Language whims

By Zubeida Mustafa

MY last column on language-in-education evoked interesting comments from readers. Some raised valid concerns. Others betrayed unfounded fears about language — and also education. Quite a few of the comments were more an outpouring of emotional biases and not based on rational thinking.

First of all what needs to be clarified is that there is a world of difference between using a language as a medium of instruction (MOI) and teaching it as a subject. Whenever there is a discourse on the language-in-education issue we seem to get carried away by our passion for English. It needs to be understood clearly that a child learning history, geography or even science in an indigenous language can still learn English as a second language just like any German or Korean child does. If English is taught by competent teachers using the correct methodology the child will learn it well and quickly. Continue reading “Language whims”

Why English again?

By Zubeida Mustafa

SINCE 1999, when Unesco first declared Feb 21 International Mother Language Day, this issue has received much attention throughout the world. In Pakistan, where the language issue has always had a complexity of its own, educators, linguists and activists are now more vocal than ever.

Will the ruckus being created have a real impact on the language situation in various sectors of national life? The courts have given two major language-related verdicts in the past two years. One was the Supreme Court’s directive of 2015 asking the government to use Urdu as the official language of administration. The second is the recent order of the Lahore High Court asking the Federal Public Commission to conduct CSS examinations in Urdu.

There is a logical link between the two. A person who is to conduct the affairs of governance in one language should be fluent enough in it to pass an exam to qualify as an administrator. The conclusion that follows is that the CSS candidates should have studied Urdu in school as well as college to be able to take examinations in that language. Continue reading “Why English again?”

Blame rests on ….

By Zubeida Mustafa

IN August, Pakistan will be celebrating the 70th anniversary of its independence. This has understandably spawned a spate of soul searching. It was in abundance at the Karachi Literature Festival. The session titled “Pakistan: a fragile state or resilient nation” focused entirely on the state and didn’t address the issue of resilience at all. The state was held responsible for all the evils that have befallen us.

Unsurprisingly, the speakers concentrated on identifying the villain of the piece that was said to be the ‘state’ — an abstract term. As the discussion proceeded, the state became the “invisible state” and then the “deep state”. The audience clearly understood that these terms referred to the army which has played a central role in determining Pakistan’s destiny. Continue reading “Blame rests on ….”

The secret of success

By Zubeida Mustafa

Why is the SIUT a success story when other health institutions in the public sector in Pakistan have failed? This question is frequently asked by people who are wonderstruck by the SIUT’s performance. Few can believe that this immaculate  hospital that sprawls before them is in the public sector. It has taken it 40 years to reach its present greatness. And it is still growing.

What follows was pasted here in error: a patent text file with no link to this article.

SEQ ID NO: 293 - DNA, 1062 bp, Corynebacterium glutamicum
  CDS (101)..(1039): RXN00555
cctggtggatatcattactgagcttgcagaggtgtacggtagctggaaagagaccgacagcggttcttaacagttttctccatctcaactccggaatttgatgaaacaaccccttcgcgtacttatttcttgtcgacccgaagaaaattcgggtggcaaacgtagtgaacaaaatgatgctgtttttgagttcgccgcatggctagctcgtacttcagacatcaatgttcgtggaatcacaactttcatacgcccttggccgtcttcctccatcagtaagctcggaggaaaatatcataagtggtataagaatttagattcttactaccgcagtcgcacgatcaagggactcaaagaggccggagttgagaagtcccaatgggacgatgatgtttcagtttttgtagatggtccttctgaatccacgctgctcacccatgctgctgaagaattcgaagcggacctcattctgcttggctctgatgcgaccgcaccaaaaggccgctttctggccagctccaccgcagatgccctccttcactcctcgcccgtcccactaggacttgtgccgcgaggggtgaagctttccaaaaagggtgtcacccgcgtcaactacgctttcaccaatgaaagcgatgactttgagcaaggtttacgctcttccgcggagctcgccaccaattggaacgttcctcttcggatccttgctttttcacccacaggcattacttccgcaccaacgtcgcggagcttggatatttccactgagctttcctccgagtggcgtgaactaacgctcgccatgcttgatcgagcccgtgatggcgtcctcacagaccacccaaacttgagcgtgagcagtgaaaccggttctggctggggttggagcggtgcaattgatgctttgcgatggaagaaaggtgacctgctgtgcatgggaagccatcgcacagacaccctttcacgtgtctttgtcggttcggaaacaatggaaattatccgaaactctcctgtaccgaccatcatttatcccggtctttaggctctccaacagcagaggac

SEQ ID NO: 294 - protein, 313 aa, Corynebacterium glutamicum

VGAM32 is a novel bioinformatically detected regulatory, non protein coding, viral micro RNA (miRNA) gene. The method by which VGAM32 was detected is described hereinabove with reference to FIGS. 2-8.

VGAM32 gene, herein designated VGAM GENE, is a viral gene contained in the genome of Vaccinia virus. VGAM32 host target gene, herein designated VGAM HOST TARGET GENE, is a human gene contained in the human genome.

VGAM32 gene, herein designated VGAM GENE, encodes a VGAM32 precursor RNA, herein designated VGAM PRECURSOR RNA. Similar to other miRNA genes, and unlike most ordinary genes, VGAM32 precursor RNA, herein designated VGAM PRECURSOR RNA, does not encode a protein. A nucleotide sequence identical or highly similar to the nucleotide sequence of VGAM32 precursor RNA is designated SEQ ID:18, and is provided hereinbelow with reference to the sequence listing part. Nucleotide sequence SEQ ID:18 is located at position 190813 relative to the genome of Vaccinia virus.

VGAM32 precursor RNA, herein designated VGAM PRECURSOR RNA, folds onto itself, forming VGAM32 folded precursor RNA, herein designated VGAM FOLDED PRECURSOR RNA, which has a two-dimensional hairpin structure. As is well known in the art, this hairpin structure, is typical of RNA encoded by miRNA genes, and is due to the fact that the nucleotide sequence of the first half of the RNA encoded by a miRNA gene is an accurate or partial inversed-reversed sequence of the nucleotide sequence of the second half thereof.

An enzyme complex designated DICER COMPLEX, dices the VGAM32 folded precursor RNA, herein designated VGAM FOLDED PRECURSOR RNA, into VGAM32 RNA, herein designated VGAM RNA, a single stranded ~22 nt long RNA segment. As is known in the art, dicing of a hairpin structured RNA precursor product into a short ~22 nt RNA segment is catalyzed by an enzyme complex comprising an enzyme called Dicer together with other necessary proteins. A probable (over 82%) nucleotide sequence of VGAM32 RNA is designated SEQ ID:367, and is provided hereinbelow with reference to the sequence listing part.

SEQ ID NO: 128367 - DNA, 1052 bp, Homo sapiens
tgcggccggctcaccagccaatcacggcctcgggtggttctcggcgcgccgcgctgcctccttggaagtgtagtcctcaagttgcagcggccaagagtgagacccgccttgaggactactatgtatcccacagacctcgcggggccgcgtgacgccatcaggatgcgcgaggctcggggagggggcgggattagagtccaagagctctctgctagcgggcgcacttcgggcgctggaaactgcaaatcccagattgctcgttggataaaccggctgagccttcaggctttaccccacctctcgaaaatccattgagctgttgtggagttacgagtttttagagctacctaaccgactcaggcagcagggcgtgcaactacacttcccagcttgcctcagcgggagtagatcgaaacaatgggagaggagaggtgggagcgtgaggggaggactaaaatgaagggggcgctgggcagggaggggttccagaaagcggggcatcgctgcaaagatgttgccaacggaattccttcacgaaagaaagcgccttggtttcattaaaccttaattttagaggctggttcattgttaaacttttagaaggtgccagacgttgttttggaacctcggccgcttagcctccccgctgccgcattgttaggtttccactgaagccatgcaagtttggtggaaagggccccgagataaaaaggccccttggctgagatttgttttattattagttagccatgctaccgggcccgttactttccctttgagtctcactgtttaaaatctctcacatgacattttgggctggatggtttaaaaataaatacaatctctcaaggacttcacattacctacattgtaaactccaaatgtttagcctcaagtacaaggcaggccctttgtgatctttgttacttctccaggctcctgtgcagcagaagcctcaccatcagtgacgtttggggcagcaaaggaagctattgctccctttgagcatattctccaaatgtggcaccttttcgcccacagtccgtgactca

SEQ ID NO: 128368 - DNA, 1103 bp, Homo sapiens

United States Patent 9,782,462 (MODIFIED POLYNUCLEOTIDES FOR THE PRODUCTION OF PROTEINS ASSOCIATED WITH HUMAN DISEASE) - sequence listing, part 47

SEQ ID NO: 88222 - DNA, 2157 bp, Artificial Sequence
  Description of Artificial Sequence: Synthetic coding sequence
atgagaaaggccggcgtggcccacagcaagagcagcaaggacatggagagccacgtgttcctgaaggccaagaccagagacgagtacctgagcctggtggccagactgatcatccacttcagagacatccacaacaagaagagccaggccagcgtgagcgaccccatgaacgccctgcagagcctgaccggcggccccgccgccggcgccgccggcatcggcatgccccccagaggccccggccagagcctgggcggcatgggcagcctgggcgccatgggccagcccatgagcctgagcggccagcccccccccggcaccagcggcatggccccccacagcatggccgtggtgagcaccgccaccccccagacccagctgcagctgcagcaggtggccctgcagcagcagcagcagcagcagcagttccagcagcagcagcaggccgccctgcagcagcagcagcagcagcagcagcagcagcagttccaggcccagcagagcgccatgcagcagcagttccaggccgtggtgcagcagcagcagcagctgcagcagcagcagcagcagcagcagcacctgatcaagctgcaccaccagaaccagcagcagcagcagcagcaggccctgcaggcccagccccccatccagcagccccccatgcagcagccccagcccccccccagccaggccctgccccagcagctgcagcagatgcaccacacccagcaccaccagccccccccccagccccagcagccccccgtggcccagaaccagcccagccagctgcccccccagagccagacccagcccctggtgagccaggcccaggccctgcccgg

The only feature that betrays its ownership is the over-crowding you see there. Being in the public sector, this tertiary healthcare institution attracts all and sundry. Moreover it is a hospital that is affordable and actually works, where people are treated and recover from their illness.  Continue reading “The secret of success”

Message of hope?

 

By Zubeida Mustafa

IN these times of despair, even the dead can give us hope and inspiration. That is the powerful message that emerged from the Orangi Pilot Project-Research and Training Institute’s forum on Jan 22. It was organised to commemorate the birthday of Perween Rahman who was shot fatally in March 2013.

Why was Perween killed? It might sound bizarre but the fact is that there are vested interests in our society who feel threatened by people who work for the poor. That was confirmed by SP Akhtar Farooqi who said on the occasion that the murder was not motivated by personal enmity but by economic factors. Continue reading “Message of hope?”

Loss of dignity

By Zubeida Mustafa

A FRIEND sent me his greetings on New Year with this verse: “Apnay haathon say dastar sumbhaloon kaisay/ Donon haathon mein kashkol pakar rakha hai.” (How should I hold up my turban when I hold the begging bowl with both my hands?)

The truth of this verse hit me when a news item in this paper reported the proceedings of the Senate recently. The government had come under fire from a PTI member for piling up external and domestic debts to such proportions that servicing them was becoming impossible.

One should not dismiss this as political gimmickry to embarrass the ruling party. After all, which party in Pakistan has even attempted to be self-reliant by adopting austerity as a policy to reduce the government’s dependency on loans? With few parties remaining in office for too long, every ruler spends money with abandon knowing that the chickens will come home to roost when he will not be around to cope with the problem. Continue reading “Loss of dignity”

Walls of peace

The walls of Rustom Baugh have images of Karachi's famous spots
The walls of Rustom Baugh have images of Karachi’s famous spots

By Zubeida Mustafa

IT is said that art heals and colours are therapeutic. As if proof were needed, one has to only see the transformational effect of a beautiful picture on a distressed child.

In this context it was a brilliant idea to paint Karachi’s graffiti-marred walls with pretty pictures. I am not an art critic but have enough sense to prefer a picture of beautiful animals to slogans declaring adherents of different faiths/sects ‘wajibul qatl’ (liable to be executed). More harmless but equally uncouth are the ads of obscure dawakhanas promising to restore to men their manliness. Continue reading “Walls of peace”

Why English?

By Zubeida Mustafa